“I know there’s a big push in Public Health to have nutritional content or calorie counts displayed. There’s also pushes in some places like New York City where they banned super-sized sodas,” says Alan Chan, a current student knocking out some prerequisites before pursuing a career as a Physician’s Assistant. He leans back in his seat, surveying the cafeteria as he unfolds his thoughts with a measured articulation. “I actually think that it’s just good to have options and more information. Sometimes you really do crave a Snicker’s Bar or whatever and it’s nice to have that option, but I think if more nutritional information is displayed – that’s one way of letting people decide for themselves.”

While the pre-packaged food items are required by law to provide that information, it runs into some gray area when it comes to kitchen prepared meals. Pacific Dining does list the calorie count next to their menu items, which is a helpful start. But Chan also noted that people with certain dietary restrictions like diabetics need to be aware of the full nutritional breakdown. Pacific Dining owner, Richard McMahon, was extremely forthcoming and quick to offer response. He said they were still updating their nutritional information to reflect menu additions.

Calorie count is just scratching the surface. 250 calories of candy and 250 calories of high fiber, nutrient-dense vegetables are going to yield vastly different effects on the human body. Best-selling author, Dr. Mark Hyman, who also hosts the popular podcast, “The Doctor’s Farmacy”, puts it like this, “food is not just energy but information or instructions or code that literally controls almost every function of your body—including your hormones, appetite, brain chemistry, immune system, gene expression, and even your microbiome…the quality of the information matters more than the quantity.”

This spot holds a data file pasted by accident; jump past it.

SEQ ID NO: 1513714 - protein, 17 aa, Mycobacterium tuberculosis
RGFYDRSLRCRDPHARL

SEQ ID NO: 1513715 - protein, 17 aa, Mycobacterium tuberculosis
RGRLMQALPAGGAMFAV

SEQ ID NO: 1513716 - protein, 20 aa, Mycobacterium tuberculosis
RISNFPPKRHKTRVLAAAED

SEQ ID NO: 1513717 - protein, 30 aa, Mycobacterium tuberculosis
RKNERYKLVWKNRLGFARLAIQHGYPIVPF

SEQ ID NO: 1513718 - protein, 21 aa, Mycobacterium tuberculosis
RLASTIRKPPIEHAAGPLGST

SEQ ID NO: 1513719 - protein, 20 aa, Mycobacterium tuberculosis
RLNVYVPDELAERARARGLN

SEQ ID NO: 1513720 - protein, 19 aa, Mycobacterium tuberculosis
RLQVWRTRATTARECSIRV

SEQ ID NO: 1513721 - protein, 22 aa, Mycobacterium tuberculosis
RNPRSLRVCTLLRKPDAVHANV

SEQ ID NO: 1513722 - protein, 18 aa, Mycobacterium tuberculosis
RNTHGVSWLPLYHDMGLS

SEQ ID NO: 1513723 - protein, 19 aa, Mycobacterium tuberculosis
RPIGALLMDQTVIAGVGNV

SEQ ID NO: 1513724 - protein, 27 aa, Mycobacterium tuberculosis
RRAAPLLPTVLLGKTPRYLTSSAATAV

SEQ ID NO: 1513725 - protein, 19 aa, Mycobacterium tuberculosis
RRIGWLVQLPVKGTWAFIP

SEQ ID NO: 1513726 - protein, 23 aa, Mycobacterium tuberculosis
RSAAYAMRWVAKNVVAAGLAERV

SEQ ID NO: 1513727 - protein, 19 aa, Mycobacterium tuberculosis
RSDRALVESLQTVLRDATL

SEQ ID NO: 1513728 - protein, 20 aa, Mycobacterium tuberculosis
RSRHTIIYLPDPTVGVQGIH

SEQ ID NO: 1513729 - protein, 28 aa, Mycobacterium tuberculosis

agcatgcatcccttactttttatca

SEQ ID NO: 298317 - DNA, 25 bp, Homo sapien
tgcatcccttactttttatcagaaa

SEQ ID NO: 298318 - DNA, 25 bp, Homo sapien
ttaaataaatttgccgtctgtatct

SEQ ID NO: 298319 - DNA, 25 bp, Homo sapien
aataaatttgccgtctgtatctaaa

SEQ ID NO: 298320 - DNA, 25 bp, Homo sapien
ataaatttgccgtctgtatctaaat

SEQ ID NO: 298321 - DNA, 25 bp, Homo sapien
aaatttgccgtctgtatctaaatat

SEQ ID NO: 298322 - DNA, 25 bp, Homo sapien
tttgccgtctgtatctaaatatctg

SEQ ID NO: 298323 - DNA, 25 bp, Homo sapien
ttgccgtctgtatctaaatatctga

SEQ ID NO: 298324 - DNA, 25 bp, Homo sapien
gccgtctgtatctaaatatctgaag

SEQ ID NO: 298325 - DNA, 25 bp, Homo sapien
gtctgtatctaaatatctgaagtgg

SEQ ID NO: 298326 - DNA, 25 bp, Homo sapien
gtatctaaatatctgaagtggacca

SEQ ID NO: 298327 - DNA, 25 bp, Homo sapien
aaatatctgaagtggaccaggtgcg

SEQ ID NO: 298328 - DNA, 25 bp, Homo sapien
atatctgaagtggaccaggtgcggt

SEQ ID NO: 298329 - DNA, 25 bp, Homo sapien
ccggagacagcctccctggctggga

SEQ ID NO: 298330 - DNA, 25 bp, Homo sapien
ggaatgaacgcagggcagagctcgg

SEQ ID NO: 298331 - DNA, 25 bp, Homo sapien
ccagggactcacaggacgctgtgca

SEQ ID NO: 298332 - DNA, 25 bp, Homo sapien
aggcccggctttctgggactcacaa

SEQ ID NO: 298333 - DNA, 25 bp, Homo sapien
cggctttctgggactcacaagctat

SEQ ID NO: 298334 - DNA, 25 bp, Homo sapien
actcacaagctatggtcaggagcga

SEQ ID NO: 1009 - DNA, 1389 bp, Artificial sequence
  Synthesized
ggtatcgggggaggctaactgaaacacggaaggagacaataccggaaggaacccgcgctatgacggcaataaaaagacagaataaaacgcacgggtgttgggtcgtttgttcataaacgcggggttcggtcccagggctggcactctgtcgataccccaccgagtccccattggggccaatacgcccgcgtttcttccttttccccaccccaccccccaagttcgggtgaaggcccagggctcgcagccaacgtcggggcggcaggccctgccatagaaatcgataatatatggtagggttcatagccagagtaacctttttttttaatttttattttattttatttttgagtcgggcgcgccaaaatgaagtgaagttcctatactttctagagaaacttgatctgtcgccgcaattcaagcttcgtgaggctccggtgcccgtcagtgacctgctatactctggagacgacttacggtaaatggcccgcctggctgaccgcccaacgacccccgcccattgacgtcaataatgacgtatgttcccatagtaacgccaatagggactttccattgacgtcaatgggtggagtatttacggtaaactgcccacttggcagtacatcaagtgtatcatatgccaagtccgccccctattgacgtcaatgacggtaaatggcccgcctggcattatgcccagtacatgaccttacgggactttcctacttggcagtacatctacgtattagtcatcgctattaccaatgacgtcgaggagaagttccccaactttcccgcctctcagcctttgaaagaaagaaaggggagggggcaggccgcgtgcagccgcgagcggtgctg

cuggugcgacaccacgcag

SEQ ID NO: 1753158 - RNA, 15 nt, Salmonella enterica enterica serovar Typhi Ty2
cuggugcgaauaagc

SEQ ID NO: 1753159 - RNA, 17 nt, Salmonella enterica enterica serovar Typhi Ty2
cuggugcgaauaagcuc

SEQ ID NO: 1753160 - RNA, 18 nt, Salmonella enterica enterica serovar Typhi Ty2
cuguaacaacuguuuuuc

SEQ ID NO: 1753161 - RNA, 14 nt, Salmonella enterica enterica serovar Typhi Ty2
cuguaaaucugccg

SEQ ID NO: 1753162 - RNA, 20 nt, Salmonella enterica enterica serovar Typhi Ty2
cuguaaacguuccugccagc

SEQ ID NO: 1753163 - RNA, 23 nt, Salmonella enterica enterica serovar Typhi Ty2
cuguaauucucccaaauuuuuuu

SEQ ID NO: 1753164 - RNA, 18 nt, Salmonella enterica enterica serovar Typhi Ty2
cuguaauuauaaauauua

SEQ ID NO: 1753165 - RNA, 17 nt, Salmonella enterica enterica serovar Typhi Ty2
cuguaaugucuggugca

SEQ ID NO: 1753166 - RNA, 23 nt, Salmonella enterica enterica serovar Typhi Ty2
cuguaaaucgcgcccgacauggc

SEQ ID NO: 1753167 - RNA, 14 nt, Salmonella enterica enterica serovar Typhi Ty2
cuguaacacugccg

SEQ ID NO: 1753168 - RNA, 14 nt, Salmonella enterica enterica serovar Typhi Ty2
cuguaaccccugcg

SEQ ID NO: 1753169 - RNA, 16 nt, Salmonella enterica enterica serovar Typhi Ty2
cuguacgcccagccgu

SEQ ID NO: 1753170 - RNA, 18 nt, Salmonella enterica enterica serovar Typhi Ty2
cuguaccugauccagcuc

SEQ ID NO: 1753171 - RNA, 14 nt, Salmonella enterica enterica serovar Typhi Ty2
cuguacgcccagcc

When considering this in terms of energy sources outside the human body, this makes sense. Fossil fuels and solar power can both supply energy, but one of them is going to cause a lot of other unintended problems. Same goes for human energy sources.

McMahon did mention Pacific Dining is continuing to expand its vegetarian and plant-based options after the success of the recently added salad bar. It was refreshing to spot some fresh broccoli, bell pepper, and carrots on the small island anchored in the cafeteria. It was also encouraging to see the telltale bottle design of olive oil stationed in the corner – a healthy antioxidant powerhouse packed with omega-3’s. The creamy dressings ready to be ladeled, however, were not even visibly labeled, let alone marked with an ingredients list. Most salad dressings on the market are cut with the aforementioned cheap inflammatory vegetable oils. Whether or not these dressings are the same, that information needs to be front and center.

Changes take time. And, with every cent in a school budget accounted for, seemingly easy fixes such as swapping out cooking oils might raise expenses quickly. Replacing packaged items with high quality alternatives free of toxic ingredients brings up the cost for both the school and the students purchasing these items. But until those changes can be enacted, the only weapon students have for warding off disease and creating extraordinary health is information. And they deserve that information within hand’s reach and in full light. In the meantime, students – it’s on you.

Don’t assume. Ask questions. Stay curious. Arm yourself as best you can. You deserve every single opportunity to create an extraordinary body, mind, and life.


Amy Tilson-Lumetta is the managing and features editor of The Express. Follow her @AmyTLumetta.

Show CommentsClose Comments

Leave a comment

This site uses Akismet to reduce spam. Learn how your comment data is processed.